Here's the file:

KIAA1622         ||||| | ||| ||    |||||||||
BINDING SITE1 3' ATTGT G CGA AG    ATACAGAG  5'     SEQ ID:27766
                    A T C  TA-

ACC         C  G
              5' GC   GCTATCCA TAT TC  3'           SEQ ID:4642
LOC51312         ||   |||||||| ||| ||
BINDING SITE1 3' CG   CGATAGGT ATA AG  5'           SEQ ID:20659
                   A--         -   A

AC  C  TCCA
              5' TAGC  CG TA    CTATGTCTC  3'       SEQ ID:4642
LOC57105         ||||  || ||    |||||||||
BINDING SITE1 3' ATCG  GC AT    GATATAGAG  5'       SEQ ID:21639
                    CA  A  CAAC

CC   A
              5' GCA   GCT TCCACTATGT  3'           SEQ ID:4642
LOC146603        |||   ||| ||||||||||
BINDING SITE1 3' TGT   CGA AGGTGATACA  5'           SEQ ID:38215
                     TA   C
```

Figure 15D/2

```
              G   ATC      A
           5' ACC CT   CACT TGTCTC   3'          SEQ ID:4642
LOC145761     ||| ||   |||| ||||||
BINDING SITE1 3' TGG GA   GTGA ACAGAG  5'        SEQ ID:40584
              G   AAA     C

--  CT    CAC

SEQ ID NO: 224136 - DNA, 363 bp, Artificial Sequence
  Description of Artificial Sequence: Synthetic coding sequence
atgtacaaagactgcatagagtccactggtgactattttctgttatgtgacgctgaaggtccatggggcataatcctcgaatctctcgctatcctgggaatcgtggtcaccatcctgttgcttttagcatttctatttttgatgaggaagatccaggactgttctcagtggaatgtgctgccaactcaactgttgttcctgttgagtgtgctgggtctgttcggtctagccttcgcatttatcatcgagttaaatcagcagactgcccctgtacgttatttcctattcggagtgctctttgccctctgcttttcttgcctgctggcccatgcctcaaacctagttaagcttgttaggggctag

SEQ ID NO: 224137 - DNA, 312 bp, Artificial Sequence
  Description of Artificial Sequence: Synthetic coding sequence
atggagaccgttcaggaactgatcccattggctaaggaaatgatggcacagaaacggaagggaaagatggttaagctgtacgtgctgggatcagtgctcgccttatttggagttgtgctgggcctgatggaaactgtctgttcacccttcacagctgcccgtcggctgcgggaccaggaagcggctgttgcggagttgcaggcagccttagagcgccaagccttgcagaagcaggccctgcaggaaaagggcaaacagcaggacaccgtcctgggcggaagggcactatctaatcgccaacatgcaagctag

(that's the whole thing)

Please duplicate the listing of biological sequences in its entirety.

KIAA1622         ||||| | ||| ||    |||||||||
BINDING SITE1 3' ATTGT G CGA AG    ATACAGAG  5'     SEQ ID:27766
                    A T C  TA-

ACC         C  G
              5' GC   GCTATCCA TAT TC  3'           SEQ ID:4642
LOC51312         ||   |||||||| ||| ||
BINDING SITE1 3' CG   CGATAGGT ATA AG  5'           SEQ ID:20659
                   A--         -   A

AC  C  TCCA
              5' TAGC  CG TA    CTATGTCTC  3'       SEQ ID:4642
LOC57105         ||||  || ||    |||||||||
BINDING SITE1 3' ATCG  GC AT    GATATAGAG  5'       SEQ ID:21639
                    CA  A  CAAC

CC   A
              5' GCA   GCT TCCACTATGT  3'           SEQ ID:4642
LOC146603        |||   ||| ||||||||||
BINDING SITE1 3' TGT   CGA AGGTGATACA  5'           SEQ ID:38215
                     TA   C
```

Figure 15D/2

```
              G   ATC      A
           5' ACC CT   CACT TGTCTC   3'          SEQ ID:4642
LOC145761     ||| ||   |||| ||||||
BINDING SITE1 3' TGG GA   GTGA ACAGAG  5'        SEQ ID:40584
              G   AAA     C

--  CT    CAC

SEQ ID NO: 224136 - DNA, 363 bp, Artificial Sequence
  Description of Artificial Sequence: Synthetic coding sequence
atgtacaaagactgcatagagtccactggtgactattttctgttatgtgacgctgaaggtccatggggcataatcctcgaatctctcgctatcctgggaatcgtggtcaccatcctgttgcttttagcatttctatttttgatgaggaagatccaggactgttctcagtggaatgtgctgccaactcaactgttgttcctgttgagtgtgctgggtctgttcggtctagccttcgcatttatcatcgagttaaatcagcagactgcccctgtacgttatttcctattcggagtgctctttgccctctgcttttcttgcctgctggcccatgcctcaaacctagttaagcttgttaggggctag

SEQ ID NO: 224137 - DNA, 312 bp, Artificial Sequence
  Description of Artificial Sequence: Synthetic coding sequence
atggagaccgttcaggaactgatcccattggctaaggaaatgatggcacagaaacggaagggaaagatggttaagctgtacgtgctgggatcagtgctcgccttatttggagttgtgctgggcctgatggaaactgtctgttcacccttcacagctgcccgtcggctgcgggaccaggaagcggctgttgcggagttgcaggcagccttagagcgccaagccttgcagaagcaggccctgcaggaaaagggcaaacagcaggacaccgtcctgggcggaagggcactatctaatcgccaacatgcaagctag